Sept. 15, 2017
For Immediate Release
Waterloo – Canada’s role in international peacekeeping efforts will be the focus of the Peace and Conflict Studies Association of Canada’s annual workshop, “Canadian Peacekeeping: Where have we been? Where should we go?” Held in partnership with Wilfrid Laurier University, the Balsillie School of International Affairs (BSIA) and the Canadian International Council, the workshop features a public forum to foster greater awareness within the local community of key issues in the wider debate on Canadian peacekeeping. “Canada and peacekeeping: past, present, future?” will be held Sept. 21 at 8 p.m. in the CIGI Auditorium at the BSIA.
Peacekeeping, and the contexts in which peace operations are deployed, have changed in important ways since the days when Canada was known as the world’s pre-eminent peacekeeping nation. Peacekeeping missions are increasingly deployed in turbulent, unstable, and dangerous environments, and often mandated to use force in the name of peace. Within this wider context, the conference provides a timely opportunity for a broader reflection on Canada’s historical and current roles in international peacekeeping activities, as well as a critical look to the future.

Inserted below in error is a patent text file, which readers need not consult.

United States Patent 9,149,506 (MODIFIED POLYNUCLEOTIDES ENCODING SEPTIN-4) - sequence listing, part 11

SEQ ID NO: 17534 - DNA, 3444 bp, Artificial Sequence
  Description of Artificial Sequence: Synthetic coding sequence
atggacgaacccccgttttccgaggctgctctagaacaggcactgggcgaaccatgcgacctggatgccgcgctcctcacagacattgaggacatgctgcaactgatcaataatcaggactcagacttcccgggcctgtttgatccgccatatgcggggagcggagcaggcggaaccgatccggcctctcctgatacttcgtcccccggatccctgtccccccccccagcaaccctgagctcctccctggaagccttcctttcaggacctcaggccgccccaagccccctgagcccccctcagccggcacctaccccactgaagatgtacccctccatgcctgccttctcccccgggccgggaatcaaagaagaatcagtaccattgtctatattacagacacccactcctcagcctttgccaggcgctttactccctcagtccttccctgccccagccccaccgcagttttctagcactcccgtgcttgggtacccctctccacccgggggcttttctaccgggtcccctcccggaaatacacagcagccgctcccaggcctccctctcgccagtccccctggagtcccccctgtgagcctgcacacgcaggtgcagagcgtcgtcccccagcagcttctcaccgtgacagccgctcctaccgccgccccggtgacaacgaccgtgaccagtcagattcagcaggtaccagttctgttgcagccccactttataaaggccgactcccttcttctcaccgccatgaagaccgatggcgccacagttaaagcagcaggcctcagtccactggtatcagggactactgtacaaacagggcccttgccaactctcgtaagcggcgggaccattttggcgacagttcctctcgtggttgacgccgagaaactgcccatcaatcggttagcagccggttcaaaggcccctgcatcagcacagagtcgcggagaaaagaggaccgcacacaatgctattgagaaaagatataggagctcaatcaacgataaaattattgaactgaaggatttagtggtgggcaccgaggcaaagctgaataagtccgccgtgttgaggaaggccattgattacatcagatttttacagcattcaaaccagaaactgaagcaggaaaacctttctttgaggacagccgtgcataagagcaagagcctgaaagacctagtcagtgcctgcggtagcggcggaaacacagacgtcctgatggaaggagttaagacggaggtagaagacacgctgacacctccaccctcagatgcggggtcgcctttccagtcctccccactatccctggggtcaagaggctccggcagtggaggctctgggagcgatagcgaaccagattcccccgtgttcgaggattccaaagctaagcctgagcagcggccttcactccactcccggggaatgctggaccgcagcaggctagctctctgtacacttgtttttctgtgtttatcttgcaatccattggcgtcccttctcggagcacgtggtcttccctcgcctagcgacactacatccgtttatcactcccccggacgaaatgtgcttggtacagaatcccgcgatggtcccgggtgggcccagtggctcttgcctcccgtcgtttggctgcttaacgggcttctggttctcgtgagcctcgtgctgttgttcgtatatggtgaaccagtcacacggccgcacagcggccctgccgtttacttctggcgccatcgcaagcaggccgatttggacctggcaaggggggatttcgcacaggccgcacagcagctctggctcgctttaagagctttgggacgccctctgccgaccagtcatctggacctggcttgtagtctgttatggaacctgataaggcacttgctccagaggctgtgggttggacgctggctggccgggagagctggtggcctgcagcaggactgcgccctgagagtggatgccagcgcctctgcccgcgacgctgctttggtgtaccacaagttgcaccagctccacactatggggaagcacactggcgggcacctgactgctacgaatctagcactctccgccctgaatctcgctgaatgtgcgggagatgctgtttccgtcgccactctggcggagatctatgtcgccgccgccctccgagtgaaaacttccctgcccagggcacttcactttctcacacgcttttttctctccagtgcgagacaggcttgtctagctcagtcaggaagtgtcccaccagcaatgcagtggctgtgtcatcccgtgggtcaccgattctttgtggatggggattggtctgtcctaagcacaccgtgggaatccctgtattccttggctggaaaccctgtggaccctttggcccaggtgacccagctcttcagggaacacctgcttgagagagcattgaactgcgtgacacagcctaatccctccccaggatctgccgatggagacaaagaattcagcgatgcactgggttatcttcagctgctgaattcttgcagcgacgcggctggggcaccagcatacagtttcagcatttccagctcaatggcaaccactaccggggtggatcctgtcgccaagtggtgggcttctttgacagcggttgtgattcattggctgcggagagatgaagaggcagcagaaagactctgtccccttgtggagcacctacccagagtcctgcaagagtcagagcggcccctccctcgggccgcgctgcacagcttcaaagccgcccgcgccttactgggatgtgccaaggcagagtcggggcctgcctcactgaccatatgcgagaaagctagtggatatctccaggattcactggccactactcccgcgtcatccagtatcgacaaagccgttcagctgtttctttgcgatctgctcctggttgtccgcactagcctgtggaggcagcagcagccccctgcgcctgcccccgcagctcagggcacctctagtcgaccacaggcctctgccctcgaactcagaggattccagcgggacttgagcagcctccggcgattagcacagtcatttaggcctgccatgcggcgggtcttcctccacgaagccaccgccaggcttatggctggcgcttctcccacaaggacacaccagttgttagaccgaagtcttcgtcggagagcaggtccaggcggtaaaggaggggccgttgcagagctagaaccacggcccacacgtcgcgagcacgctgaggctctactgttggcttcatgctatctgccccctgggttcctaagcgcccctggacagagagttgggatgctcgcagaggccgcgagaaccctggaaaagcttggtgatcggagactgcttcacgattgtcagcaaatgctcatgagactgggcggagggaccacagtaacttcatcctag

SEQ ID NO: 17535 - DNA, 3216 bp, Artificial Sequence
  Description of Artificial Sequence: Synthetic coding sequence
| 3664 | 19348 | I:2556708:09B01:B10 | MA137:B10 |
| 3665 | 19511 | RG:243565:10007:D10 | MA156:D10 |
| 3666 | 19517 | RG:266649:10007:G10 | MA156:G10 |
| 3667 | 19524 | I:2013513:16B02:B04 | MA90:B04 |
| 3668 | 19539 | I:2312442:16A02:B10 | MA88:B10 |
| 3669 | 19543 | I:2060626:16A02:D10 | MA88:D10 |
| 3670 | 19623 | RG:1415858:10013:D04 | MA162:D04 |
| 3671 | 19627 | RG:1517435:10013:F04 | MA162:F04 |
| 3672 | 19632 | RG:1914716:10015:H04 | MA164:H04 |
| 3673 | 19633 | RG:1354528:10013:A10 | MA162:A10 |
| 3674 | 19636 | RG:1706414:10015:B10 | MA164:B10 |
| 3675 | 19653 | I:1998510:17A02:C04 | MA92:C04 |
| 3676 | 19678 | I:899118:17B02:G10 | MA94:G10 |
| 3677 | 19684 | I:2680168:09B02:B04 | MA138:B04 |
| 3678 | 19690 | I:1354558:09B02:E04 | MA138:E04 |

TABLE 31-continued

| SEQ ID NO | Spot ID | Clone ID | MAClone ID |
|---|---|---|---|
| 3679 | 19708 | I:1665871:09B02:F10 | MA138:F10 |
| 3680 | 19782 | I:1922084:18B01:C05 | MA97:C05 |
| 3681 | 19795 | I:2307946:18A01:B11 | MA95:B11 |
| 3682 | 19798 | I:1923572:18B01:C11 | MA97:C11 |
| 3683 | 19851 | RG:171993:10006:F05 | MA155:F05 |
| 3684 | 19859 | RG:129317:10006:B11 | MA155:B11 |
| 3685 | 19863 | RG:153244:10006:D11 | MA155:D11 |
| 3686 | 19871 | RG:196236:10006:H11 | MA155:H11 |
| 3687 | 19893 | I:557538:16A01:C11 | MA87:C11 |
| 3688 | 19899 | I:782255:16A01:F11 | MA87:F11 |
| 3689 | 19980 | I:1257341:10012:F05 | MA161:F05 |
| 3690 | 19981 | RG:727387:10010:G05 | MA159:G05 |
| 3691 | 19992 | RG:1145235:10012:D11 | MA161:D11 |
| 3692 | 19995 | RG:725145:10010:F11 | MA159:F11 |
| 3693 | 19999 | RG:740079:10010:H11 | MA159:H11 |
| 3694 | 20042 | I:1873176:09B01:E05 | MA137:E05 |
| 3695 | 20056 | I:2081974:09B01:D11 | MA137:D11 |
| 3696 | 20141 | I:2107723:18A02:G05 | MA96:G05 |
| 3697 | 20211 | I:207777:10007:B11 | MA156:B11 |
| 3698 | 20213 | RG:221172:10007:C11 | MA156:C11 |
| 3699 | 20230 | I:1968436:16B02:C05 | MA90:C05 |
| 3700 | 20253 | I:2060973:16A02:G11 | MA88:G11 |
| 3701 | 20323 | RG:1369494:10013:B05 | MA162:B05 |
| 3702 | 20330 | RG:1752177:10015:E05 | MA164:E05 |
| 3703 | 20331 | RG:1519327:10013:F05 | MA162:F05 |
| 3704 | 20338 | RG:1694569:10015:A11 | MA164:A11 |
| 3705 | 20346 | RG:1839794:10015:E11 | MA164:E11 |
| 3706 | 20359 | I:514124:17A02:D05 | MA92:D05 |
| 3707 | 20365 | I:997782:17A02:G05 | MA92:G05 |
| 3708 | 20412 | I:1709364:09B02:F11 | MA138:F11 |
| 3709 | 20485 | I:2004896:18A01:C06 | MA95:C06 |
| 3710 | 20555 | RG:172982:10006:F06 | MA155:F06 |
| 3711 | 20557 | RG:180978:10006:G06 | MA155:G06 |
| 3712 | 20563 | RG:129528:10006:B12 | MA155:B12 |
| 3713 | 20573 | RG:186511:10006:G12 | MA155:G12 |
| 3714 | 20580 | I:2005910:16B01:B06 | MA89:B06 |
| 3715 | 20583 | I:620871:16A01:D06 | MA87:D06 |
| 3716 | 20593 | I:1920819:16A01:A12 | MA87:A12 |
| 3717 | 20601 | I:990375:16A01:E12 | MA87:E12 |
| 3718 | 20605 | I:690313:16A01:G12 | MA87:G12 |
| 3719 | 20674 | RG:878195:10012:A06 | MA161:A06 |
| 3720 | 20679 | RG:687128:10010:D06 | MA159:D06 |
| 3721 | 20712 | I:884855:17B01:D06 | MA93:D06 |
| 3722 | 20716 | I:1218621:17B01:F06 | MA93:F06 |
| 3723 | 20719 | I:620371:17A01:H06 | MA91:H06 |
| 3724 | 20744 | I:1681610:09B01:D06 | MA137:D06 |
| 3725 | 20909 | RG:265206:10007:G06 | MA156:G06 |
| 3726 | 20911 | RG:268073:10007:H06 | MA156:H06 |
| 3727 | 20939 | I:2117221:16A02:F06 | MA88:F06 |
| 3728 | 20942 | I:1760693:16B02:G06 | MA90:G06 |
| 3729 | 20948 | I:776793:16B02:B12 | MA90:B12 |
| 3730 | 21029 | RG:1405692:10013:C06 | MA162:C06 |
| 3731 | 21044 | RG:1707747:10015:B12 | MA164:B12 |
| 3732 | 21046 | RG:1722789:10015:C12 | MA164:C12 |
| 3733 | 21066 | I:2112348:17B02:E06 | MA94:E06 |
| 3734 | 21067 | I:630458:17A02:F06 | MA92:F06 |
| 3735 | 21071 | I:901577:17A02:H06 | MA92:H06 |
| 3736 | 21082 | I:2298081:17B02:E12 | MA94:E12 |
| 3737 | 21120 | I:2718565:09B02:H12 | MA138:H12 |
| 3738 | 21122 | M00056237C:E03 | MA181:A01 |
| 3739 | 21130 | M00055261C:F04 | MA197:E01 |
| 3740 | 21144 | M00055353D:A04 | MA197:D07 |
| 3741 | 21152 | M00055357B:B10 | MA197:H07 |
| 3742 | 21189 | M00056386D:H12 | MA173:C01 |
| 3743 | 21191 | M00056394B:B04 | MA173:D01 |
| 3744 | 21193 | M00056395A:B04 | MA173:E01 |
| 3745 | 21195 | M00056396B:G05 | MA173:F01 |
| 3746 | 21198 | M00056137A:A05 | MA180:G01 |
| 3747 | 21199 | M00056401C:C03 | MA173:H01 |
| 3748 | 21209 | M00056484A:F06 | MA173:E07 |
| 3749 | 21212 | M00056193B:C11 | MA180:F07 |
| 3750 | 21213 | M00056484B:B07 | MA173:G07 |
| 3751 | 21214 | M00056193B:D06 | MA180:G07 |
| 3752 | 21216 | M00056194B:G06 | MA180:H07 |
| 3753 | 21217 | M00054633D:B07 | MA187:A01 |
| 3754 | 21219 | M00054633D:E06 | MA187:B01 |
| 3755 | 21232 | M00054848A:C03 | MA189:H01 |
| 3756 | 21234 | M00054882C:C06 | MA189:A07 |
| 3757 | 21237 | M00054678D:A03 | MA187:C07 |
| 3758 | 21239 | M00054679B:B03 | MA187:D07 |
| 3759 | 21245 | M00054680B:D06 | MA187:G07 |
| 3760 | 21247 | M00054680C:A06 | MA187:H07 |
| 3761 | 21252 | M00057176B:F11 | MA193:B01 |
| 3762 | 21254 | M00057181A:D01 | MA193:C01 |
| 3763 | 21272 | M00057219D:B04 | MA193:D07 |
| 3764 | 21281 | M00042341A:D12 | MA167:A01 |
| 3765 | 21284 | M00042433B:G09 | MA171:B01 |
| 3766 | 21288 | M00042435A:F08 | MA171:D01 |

“With Canada hosting a high-level peacekeeping forum in mid-November, it is important to reflect on the changing nature of United Nations peacekeeping and the potential contributions Canada could make to restoring peace and stability in some of the world’s most troubled countries,” said Timothy Donais, an associate professor of Global Studies at Laurier. “If Canada is to re-commit to peacekeeping as a key component of its foreign and defence policy, Canadians should understand what we are getting ourselves into. We hope this workshop will make a contribution to this larger discussion.”
The public panel discussion will feature Walter Dorn, from the Canadian Forces College and Royal Military College; Jane Boulden from the Royal Military College, and Mark Sedra from the Canadian International Council.
Panel discussions on Sept. 21 and 22 will bring together scholars and practitioners including Donais and Edmund Pries, Laurier assistant professor of Global Studies. Discussions will assess the evolving role of United Nations peacekeeping and Canada’s contributions and reflect on the legacy of past Canadian peacekeeping contributions, the domestic political implications of a return to peacekeeping, and the practical challenges of peacekeeping in environments where there is often little peace to keep.
The Peace and Conflict Studies Association of Canada (PACS-Can) provides a forum for Canadian and Canadian-based scholars, educators, researchers, analysts, and practitioners in the fields of peace and conflict studies, conflict resolution, alternative dispute resolution, and restorative and transitional justice to share their research and most effective practices. Members of the association share a common commitment to the promotion of just and non-violent solutions to contemporary conflict, whether at the local, national, or global level.
To register for the workshop or the public forum, please visit the PACS-Can website.
– 30 –
We see you are accessing our website on IE8. We recommend you view in Chrome, Safari, Firefox or IE9+ instead.×